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  • Writer's pictureRichard Cree

It’ll All Be Over By Christmas?

Updated: Nov 4, 2021

3rd November 2021

UK COVID Deaths – Daily 217 / 7-Day average 163

Total UK COVID Deaths within 28 days – 141,181

Total UK Deaths with COVID-19 on the death certificate – 164,491 (up to 22 Oct)

James Cook Hospital – Total COVID deaths – 694

All COVID cases within South Tees Hospitals Trust – 85

James Cook Critical Care

COVID cases – 8 (6 ventilated)

Non-COVID cases – 47 (31 ventilated)

The past week has been a very busy one in Critical Care. The hospital has been feeling the effect of the previous rise in COVID cases with the number of patients being admitted to the hospital continuing to increase slowly, day by day. There are over a dozen patients who are sick enough to require CPAP on the COVID wards and we have admitted a number of them to the ICU to be ventilated.

The number of patients on Intensive Care remains fairly static and most of our current pressure is a result of the increasing number of non-COVID patients that require ventilation. Each has a different reason for needing Intensive Care. It’s an eclectic mix of aliments that includes bacterial pneumonias, pyelonephritis, dental abscesses, septicaemia, heart attacks, cardiac arrests, car accidents, motorbike accidents, horse-riding accidents, tractor accidents, falls up stairs, falls down stairs, acute pancreatitis due to gallstones, acute pancreatitis due to alcohol, diabetic ketoacidosis, liver failure, kidney failure, bone marrow failure, hypoxic brain injury, Guillian-Barre syndrome, weird neurology, even weirder neurology, genetic disorders, epilepsy, sub-arachnoid brain haemorrhages, sub-dural brain haemorrhages, intra-cranial brain haemorrhages, strokes, assorted surgical complications, treatable cancer, untreatable cancer and various assorted drug overdoses.

Last week saw us break a new record for the number of non-COVID patients we were ventilating. The closest we have come in the past was during the swine ‘flu pandemic of 2009. Swine ‘flu was very different from regular influenza in that it could cause serious illness in young people who then often required ventilation. The strain of influenza responsible for swine ‘flu could cause direct lung inflammation in a similar way to COVID-19 but, much more commonly, infection would lead to secondary bacterial pneumonias. Despite being labelled as a pandemic by the WHO, swine ‘flu led to fewer deaths worldwide than a regular seasonal ‘flu epidemic. This was thought to be due to older people, who normally are most at risk of death from 'flu, having some residual immunity following past influenza infections or vaccinations. So, whilst fewer people died overall, the significant number of younger, sicker patients on ventilators resulted in a heavy burden for Intensive Care Units up and down the country.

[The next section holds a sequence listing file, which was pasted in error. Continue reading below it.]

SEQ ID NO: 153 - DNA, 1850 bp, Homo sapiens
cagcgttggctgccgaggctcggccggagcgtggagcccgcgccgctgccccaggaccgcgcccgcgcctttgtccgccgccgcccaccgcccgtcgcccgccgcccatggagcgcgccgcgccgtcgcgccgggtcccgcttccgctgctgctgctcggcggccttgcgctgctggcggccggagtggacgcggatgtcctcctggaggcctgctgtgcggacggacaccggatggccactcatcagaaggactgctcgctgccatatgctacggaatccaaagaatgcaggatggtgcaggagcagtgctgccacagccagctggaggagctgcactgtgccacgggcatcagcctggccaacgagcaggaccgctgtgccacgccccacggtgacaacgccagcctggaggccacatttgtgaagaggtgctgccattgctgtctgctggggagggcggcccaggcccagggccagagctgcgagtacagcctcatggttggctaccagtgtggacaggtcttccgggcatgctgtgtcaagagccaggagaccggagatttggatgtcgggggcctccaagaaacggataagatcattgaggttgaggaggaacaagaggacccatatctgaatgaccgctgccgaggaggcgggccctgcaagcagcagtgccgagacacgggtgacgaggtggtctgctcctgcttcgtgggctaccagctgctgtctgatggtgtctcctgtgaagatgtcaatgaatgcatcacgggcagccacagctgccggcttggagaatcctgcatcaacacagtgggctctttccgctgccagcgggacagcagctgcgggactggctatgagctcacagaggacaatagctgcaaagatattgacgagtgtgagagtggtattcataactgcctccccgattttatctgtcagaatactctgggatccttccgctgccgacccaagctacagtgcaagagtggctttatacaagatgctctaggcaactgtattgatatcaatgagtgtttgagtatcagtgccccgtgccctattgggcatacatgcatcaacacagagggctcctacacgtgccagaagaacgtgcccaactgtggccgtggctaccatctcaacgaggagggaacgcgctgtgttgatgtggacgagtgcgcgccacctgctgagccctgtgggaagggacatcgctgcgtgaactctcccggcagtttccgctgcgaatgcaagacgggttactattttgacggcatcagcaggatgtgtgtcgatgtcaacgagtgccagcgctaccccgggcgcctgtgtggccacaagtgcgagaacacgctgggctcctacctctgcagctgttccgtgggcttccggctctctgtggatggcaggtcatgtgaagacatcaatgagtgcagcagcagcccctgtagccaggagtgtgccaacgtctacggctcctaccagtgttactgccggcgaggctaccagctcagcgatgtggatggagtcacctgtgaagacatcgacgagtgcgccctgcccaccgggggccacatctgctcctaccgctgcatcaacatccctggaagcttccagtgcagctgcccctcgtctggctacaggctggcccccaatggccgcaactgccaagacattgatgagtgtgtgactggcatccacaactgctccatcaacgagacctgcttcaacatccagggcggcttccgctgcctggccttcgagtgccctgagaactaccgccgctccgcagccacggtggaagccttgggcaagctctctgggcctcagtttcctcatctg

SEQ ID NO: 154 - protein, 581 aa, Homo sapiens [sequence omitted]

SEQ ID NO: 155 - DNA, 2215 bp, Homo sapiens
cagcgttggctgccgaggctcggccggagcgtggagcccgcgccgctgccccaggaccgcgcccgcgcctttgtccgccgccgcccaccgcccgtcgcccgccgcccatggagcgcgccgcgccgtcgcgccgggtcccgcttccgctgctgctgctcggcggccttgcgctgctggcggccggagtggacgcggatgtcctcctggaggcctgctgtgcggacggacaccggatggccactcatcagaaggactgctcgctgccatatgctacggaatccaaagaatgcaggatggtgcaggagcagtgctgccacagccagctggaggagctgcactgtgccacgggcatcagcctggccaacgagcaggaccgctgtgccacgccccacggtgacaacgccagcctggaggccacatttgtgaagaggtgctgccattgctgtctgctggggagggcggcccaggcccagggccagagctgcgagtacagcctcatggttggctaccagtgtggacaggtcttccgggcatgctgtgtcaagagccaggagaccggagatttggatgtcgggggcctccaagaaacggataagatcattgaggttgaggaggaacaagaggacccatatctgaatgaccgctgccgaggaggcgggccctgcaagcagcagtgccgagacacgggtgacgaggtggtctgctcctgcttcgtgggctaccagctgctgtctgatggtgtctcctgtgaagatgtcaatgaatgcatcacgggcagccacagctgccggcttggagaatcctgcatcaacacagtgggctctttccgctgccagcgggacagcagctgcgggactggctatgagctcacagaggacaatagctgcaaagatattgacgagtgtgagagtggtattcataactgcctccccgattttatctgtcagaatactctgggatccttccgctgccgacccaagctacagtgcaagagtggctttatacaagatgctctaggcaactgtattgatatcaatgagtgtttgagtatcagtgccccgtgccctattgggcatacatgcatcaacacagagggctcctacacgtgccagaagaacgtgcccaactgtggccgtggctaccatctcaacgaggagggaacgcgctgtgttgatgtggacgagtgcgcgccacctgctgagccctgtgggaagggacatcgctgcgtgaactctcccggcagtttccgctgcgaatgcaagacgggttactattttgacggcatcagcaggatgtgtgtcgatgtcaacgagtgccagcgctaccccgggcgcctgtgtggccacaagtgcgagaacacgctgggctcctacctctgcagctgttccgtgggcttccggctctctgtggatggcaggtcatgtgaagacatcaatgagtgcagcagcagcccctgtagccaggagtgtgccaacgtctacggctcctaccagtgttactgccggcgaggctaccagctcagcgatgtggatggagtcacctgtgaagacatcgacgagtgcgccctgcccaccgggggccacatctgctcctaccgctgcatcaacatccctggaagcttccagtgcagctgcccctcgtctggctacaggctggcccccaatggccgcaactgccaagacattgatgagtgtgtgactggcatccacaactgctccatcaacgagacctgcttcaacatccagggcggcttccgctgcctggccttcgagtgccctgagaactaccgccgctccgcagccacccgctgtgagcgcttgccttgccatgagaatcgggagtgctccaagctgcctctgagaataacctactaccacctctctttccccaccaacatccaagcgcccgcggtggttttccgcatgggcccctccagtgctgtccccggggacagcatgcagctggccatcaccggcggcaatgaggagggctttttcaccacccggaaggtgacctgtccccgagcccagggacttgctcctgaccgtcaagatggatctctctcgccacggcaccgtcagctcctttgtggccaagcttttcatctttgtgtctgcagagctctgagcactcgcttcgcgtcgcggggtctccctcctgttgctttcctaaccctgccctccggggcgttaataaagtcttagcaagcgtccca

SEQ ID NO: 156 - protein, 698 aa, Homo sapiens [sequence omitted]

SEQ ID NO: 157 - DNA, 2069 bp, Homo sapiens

The winter of 2009 was, in my opinion, the last time we experienced what I would call a really bad winter. Don’t get me wrong, the NHS has been very busy every winter since and there are always horror stories about people having to wait hours for an ambulance, patients being cared for on trolleys in corridors and ambulances backed up outside hospitals but, on the whole, we have got away with it. Just. As a result, most of the nation is unaware of just how much havoc a truly bad winter could unleash on its beloved NHS.

Last week the Office for National Statistics (ONS) announced that, during the week ending 22nd October, an estimated 1 in 50 of the English population was infected with COVID-19. The figure in Wales was much worse at 1 in 40. This is the highest level of infections that the ONS has yet recorded and is higher than the figure seen at the peak of the second wave. Cases were highest amongst teenagers but were also rising in those over 50. Luckily, the number of daily reported cases has since fallen, both nationally and locally and so we may soon start to see the number of hospital admissions decrease a little.

Modelling from the London School of Hygiene and Tropical Medicine has predicted that the number of people being infected with COVID-19 could fall dramatically over the next month. They even predicted that, by the end of December, the number of new cases could fall as low as 5000 a day. This would effectively mean that the third wave would be done and dusted by Christmas. The rationale for this prediction is that we will have achieved ‘herd immunity’ by then as a result of letting COVID run its course. In young people this immunity is a result of so many of them being recently infected and in the older population, it is the result of the vaccination programme.

The number of people dying from COVID-19 is continuing to rise. The country's Intensive Care Units are struggling to cope with the current level of demand for both COVID and non-COVID patients. The idea that the number of new COVID infections is about to plummet is very beguiling. The sooner the number of COVID patients being admitted to hospital falls, the better. We might then stand a chance of finding room for everyone else. Unfortunately, over the past 20 months, I have seen many different models and predictions of what COVID-19 will do and when it will do it. None of them has been on the money and so, as much as I would dearly love to believe that it’ll all be over by Christmas, I won’t be hanging up my PPE just yet.

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